Title: The Lost Night
Author: Andrea Bartz
Narrator: Kristen Sieh
Sometimes, a book can really sum up a particular time in history, or a feeling. When I had just finished university, two books really spoke to me. One was Generation X, by Douglas Coupland, and the other was The Graduate by Charles Webb. Both of these novels summed up the feeling of having been given opportunities, but not living up to them, and not knowing where to go next in life.
If you lived in Brooklyn in the late 2000s, then The Lost Night may very well be your “Zeitgeist” novel. Set in a time of mass unemployment and economic uncertainty, this dark “whodunnit” is a unique murder mystery, since you’re very much enveloped in the dark world that the characters inhabit, in addition to being wrapped in the mystery itself.
In 2009, Edie is a graduate with the world at her feet – or so it seems. From the outside, she has a supportive family, friend group, and is incredibly talented and bright. But one fateful night, she’s found dead – an apparent suicide, leaving her friends and family devastated. This brings the drug-fueled party lifestyle that her friends are living to an abrupt halt. Lindsay (the main narrator, and Edie’s best friend) is so anguished that she decides to disappear, from both Brooklyn and her friends, for a decade.
Fast forward ten years, and Lindsay’s life has changed dramatically from the hedonistic party lifestyle she once had. After a meet up with Sarah, another friend of Edie’s, Lindsay starts to suspect Edie’s death was not a suicide. After she discovers a disturbing video from the night in question, she becomes convinced that there was foul play. This is further backed up by the fact that Lindsay is unsure of where SHE was on that night, due to random blackouts. So she begins to investigate, which ruffles feathers, disrupts and breaks relationships, and ultimately, leads Lindsay to confront her own violent past.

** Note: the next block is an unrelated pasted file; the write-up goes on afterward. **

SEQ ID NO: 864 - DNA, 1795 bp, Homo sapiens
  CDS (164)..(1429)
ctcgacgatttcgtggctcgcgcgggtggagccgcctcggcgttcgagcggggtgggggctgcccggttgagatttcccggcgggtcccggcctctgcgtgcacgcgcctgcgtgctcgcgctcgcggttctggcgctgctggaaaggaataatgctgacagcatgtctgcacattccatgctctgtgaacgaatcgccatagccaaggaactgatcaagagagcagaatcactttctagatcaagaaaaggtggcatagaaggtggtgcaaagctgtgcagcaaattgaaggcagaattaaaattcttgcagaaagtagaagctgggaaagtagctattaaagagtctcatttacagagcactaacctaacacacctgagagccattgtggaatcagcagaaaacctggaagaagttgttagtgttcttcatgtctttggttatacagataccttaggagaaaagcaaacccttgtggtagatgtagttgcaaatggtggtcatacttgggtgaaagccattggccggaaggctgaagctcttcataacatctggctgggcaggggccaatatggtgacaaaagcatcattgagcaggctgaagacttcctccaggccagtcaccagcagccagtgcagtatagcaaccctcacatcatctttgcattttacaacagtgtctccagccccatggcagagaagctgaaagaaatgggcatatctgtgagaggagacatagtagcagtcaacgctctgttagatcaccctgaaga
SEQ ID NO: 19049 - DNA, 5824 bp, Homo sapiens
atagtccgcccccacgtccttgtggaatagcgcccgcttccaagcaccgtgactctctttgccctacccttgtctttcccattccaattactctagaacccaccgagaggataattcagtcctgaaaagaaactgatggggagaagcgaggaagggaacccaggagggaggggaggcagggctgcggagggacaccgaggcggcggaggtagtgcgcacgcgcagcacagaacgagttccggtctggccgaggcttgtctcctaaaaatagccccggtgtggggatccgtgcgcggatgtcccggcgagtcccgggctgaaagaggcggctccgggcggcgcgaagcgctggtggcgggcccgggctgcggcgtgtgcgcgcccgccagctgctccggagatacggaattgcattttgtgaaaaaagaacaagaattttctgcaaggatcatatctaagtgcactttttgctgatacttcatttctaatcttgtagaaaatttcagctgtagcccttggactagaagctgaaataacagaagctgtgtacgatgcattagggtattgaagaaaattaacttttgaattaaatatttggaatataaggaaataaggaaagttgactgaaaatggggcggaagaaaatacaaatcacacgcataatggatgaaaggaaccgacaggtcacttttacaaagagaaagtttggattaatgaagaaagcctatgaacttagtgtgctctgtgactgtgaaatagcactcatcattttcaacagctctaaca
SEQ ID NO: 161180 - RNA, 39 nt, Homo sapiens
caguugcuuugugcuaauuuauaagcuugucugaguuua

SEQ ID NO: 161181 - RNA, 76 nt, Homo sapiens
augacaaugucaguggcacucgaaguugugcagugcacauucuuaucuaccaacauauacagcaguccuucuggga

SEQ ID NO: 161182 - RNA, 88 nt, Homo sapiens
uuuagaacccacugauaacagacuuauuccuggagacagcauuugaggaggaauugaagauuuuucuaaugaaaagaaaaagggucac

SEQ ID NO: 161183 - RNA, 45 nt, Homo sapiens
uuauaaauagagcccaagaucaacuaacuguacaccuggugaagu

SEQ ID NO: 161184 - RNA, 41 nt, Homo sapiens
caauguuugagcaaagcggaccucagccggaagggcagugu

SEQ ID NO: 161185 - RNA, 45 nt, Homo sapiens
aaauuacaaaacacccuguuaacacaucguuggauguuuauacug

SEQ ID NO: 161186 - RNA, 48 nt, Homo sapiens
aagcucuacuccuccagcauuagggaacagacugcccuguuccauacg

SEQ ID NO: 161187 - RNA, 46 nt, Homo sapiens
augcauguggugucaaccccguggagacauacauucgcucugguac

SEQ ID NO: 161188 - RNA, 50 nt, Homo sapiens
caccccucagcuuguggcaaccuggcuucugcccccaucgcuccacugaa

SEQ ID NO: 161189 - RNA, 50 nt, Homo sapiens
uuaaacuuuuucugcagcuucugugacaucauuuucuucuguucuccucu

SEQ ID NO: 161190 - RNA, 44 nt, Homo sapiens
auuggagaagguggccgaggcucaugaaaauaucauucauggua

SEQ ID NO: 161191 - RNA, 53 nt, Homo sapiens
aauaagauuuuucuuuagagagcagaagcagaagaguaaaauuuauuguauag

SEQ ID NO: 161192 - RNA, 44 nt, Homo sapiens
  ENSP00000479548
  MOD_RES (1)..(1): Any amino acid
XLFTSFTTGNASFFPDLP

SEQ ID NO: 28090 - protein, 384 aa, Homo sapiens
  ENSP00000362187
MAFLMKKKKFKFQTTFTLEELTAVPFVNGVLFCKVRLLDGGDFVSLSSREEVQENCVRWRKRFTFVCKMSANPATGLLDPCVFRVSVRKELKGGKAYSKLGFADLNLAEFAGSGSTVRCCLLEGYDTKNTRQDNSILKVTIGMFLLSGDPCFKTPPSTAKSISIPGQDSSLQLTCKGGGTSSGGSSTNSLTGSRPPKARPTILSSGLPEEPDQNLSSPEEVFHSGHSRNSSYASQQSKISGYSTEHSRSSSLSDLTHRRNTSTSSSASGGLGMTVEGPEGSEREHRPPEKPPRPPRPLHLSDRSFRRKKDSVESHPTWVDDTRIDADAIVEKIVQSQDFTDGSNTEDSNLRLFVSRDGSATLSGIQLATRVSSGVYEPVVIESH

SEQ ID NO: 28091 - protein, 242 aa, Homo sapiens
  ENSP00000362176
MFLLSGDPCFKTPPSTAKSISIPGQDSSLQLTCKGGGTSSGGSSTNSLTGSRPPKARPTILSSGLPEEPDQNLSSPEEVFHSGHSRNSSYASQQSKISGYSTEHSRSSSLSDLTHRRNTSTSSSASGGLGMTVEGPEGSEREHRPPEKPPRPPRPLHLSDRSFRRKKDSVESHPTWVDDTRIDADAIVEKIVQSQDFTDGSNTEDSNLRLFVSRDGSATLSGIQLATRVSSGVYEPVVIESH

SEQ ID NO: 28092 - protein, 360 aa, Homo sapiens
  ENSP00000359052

The story is told mostly from the perspective of Lindsay, who is not a very reliable narrator, since we know that she cannot remember what happened. A few of the chapters are also narrated by other friends in the group, which adds perspective, but also confusion. This multiple-narrators format really lends itself to audio and reinforces the notion that Lindsay’s story alone isn’t enough to solve the mystery. Kristen Seih‘s narration (who narrates the Lindsay sections) really adds to the darkness and suspense of the story.
The end of the book has a great twist. Of course, I’m not going to ruin it for you, but because of the different perspectives that you hear the story from, you go from character to character, wondering if they are the murderer, or if it was ever a murder at all….
I would recommend this listen to anyone who was in their twenties in the early 2000s, and anyone who is a fan of Paula Hawkins or Gillian Flynn.
“Tightly paced and skillfully plotted, The Lost Night is a remarkable debut.”—Jessica Knoll, New York Times bestselling author of Luckiest Girl Alive
What really happened the night Edie died? Years later, her best friend Lindsay will learn how unprepared she is for the truth.
In 2009, Edie had New York’s social world in her thrall. Mercurial and beguiling, she was the shining star of a group of recent graduates living in a Brooklyn loft and treating New York like their playground. When Edie’s body was found near a suicide note at the end of a long, drunken night, no one could believe it. Grief, shock, and resentment scattered the group and brought the era to an abrupt end.
A decade later, Lindsay has come a long way from the drug-addled world of Calhoun Lofts. She has devoted best friends, a cozy apartment, and a thriving career as a magazine’s head fact-checker. But when a chance reunion leads Lindsay to discover an unsettling video from that hazy night, she starts to wonder if Edie was actually murdered—and, worse, if she herself was involved. As she rifles through those months in 2009—combing through case files, old technology, and her fractured memories—Lindsay is forced to confront the demons of her own violent history to bring the truth to light.…
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